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The Incentives for Takeover in Oligopoly

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  • Inderst, Roman
  • Wey, Christian

Abstract

This Paper presents a model of takeover incentives in an oligopolistic industry, which, in contrast to previous approaches, takes both insiders' and outsiders' gains from an increase in industry concentration into account. Our main application is to compare takeover incentives in a differentiated Cournot and Bertrand oligopoly model with linear demand and costs. We provide a complete analysis for arbitrary numbers of firms, complements and substitutes, and degrees of product differentiation. An increase in concentration is more likely under Cournot competition if products are complements and more likely under Bertrand competition if products are substitutes. Moreover, as products become closer substitutes, a takeover becomes more likely under Bertrand and less likely under Cournot competition.

Suggested Citation

  • Inderst, Roman & Wey, Christian, 2002. "The Incentives for Takeover in Oligopoly," CEPR Discussion Papers 3163, C.E.P.R. Discussion Papers.
  • Handle: RePEc:cpr:ceprdp:3163
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    References listed on IDEAS

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    Citations

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    Cited by:

    1. Roberto Burguet & Ramon Caminal, 2015. "Bargaining Failures And Merger Policy," International Economic Review, Department of Economics, University of Pennsylvania and Osaka University Institute of Social and Economic Research Association, vol. 56, pages 1019-1041, August.
    2. Granier, Laurent & Podesta, Marion, 2010. "Bundling and Mergers in Energy Markets," Energy Economics, Elsevier, vol. 32(6), pages 1316-1324, November.
    3. Petrakis, Emmanuel & Moreno Ruiz, Diego & Cabolis, C. & Manasakis, C., 2016. "R&D investments fostering horizontal mergers," UC3M Working papers. Economics 23280, Universidad Carlos III de Madrid. Departamento de Economía.
    4. repec:ebl:ecbull:v:4:y:2008:i:14:p:1-5 is not listed on IDEAS
    5. Jozsef Molnar, 2002. "Preemptive Horizontal Mergers: Theory and Evidence," IEHAS Discussion Papers 0213, Institute of Economics, Centre for Economic and Regional Studies, Hungarian Academy of Sciences.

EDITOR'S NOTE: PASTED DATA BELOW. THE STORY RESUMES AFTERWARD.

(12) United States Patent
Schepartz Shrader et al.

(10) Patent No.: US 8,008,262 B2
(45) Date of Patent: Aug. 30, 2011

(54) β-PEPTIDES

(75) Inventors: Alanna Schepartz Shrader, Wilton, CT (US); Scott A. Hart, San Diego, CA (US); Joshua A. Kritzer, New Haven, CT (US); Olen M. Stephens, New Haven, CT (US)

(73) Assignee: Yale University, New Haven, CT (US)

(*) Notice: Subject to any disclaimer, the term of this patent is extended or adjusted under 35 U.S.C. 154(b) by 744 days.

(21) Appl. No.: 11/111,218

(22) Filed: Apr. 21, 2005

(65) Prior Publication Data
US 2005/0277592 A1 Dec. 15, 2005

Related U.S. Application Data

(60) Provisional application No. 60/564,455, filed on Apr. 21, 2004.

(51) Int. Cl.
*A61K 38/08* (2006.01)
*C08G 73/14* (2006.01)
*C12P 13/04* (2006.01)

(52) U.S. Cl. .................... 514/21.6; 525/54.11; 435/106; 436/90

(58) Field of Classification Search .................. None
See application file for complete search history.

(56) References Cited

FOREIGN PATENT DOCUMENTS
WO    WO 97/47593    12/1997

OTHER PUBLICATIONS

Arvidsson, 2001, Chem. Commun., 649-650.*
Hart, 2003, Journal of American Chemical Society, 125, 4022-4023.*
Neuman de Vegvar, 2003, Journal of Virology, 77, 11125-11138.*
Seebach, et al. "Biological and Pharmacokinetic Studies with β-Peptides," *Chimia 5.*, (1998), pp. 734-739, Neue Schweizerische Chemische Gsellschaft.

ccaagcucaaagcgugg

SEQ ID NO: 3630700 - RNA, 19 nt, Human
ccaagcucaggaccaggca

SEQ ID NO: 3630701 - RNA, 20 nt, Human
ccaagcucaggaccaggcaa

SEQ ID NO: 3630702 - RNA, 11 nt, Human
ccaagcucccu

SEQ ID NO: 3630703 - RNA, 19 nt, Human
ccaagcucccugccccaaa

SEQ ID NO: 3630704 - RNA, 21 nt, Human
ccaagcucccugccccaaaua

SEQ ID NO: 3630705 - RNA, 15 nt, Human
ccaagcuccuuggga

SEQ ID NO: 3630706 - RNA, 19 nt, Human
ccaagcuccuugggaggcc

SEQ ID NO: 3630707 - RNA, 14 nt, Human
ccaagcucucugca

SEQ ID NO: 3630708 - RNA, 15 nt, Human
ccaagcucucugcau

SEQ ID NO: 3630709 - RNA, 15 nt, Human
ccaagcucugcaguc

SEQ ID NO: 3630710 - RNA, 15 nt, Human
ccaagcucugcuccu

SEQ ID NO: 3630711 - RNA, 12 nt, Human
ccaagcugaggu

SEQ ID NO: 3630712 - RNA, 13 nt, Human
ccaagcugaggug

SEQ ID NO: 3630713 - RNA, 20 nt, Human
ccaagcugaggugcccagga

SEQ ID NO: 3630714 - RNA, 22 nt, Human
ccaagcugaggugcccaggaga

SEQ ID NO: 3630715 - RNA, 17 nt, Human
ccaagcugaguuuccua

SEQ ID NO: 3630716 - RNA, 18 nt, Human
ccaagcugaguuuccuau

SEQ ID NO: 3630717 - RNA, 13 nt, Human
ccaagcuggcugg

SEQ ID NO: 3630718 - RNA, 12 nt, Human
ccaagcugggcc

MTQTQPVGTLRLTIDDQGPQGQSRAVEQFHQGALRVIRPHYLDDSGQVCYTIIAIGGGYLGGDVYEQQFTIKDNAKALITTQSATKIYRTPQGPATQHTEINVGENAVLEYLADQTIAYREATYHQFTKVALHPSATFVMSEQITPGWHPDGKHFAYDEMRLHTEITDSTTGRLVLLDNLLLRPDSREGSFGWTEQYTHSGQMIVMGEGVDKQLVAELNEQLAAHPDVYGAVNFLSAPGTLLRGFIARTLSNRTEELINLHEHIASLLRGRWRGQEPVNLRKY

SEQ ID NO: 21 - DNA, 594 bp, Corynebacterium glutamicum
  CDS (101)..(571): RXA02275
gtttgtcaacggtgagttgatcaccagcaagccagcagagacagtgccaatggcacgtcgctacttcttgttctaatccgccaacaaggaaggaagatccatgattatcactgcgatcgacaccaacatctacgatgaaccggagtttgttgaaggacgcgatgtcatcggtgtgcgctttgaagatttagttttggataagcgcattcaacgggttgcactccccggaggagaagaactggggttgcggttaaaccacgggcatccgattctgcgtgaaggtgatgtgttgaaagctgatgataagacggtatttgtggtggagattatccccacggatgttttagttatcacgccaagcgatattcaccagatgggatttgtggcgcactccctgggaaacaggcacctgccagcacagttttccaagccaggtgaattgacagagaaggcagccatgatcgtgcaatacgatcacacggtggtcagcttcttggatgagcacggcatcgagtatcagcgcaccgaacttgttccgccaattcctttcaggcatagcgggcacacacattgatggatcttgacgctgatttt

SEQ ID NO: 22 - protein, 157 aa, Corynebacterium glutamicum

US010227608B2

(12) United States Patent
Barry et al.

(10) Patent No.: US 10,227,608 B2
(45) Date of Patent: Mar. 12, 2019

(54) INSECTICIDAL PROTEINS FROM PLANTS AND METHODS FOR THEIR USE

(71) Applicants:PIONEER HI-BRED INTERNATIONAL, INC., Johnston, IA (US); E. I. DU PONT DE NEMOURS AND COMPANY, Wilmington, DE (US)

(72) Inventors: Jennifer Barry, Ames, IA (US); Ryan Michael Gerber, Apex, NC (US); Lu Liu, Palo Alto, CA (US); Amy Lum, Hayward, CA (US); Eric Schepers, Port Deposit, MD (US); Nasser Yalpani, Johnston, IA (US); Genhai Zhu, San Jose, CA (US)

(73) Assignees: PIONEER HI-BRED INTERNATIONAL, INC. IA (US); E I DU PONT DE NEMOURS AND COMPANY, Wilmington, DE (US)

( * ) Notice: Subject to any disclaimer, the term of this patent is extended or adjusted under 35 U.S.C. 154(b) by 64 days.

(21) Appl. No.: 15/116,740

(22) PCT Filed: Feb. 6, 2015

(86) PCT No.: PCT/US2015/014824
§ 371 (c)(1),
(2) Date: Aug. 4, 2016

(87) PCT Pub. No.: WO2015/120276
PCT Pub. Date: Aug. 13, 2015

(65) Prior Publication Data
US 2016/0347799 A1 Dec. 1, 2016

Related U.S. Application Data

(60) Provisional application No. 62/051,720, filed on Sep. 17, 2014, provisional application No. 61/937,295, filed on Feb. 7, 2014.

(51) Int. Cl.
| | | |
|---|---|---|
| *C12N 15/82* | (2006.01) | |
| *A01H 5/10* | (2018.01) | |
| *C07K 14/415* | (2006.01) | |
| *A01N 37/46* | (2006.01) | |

6. Felix Höffler, 2008. "On the consistent use of linear demand systems if not all varieties are available," Economics Bulletin, AccessEcon, vol. 4(14), pages 1-5.
    7. Alberto Salvo, 2010. "Sequential Cross-border Mergers in Models of Oligopoly," Economica, London School of Economics and Political Science, vol. 77(306), pages 352-383, April.
    8. Albert Banal‐Estañol & Paul Heidhues & Rainer Nitsche & Jo Seldeslachts, 2010. "Screening And Merger Activity," Journal of Industrial Economics, Wiley Blackwell, vol. 58(4), pages 794-817, December.
    9. Marco Pagnozzi & Antonio Rosato, 2014. "Entry by Takeover: Auctions vs. Negotiations," CSEF Working Papers 353, Centre for Studies in Economics and Finance (CSEF), University of Naples, Italy.
    10. Christos Cabolis & Constantine Manasakis & Emmanuel Petrakis, 2008. "Horizontal Mergers and Acquisitions with Endogenous Efficiency Gains," Working Papers 0817, University of Crete, Department of Economics.
    11. Banal-Estanol, A. & Heidhues, P., 2006. "Merged clusters during economic booms," Working Papers 06/07, Department of Economics, City University London.
    12. Roland Kirstein, 2013. "Fight or buy? A comparison of internationalization strategies," FEMM Working Papers 130003, Otto-von-Guericke University Magdeburg, Faculty of Economics and Management.
    13. Felix Höffler, 2008. "On the consistent use of linear demand systems if not all varieties are available," WHU Working Paper Series - Economics Group 08-01, WHU - Otto Beisheim School of Management.
    14. Pagnozzi, Marco & Rosato, Antonio, 2016. "Entry by takeover: Auctions vs. bilateral negotiations," International Journal of Industrial Organization, Elsevier, vol. 44(C), pages 68-84.
    15. Rosato, Antonio, 2008. "“Matching Auctions” for Hostile Takeovers: A Model with Endogenous Target," MPRA Paper 15083, University Library of Munich, Germany, revised 07 Jan 2009.

    More about this item

    Keywords

    merger; oligopoly; takeover bidding;

    JEL classification:

    • D43 - Microeconomics - - Market Structure, Pricing, and Design - - - Oligopoly and Other Forms of Market Imperfection
    • D44 - Microeconomics - - Market Structure, Pricing, and Design - - - Auctions
    • L10 - Industrial Organization - - Market Structure, Firm Strategy, and Market Performance - - - General
    • L41 - Industrial Organization - - Antitrust Issues and Policies - - - Monopolization; Horizontal Anticompetitive Practices

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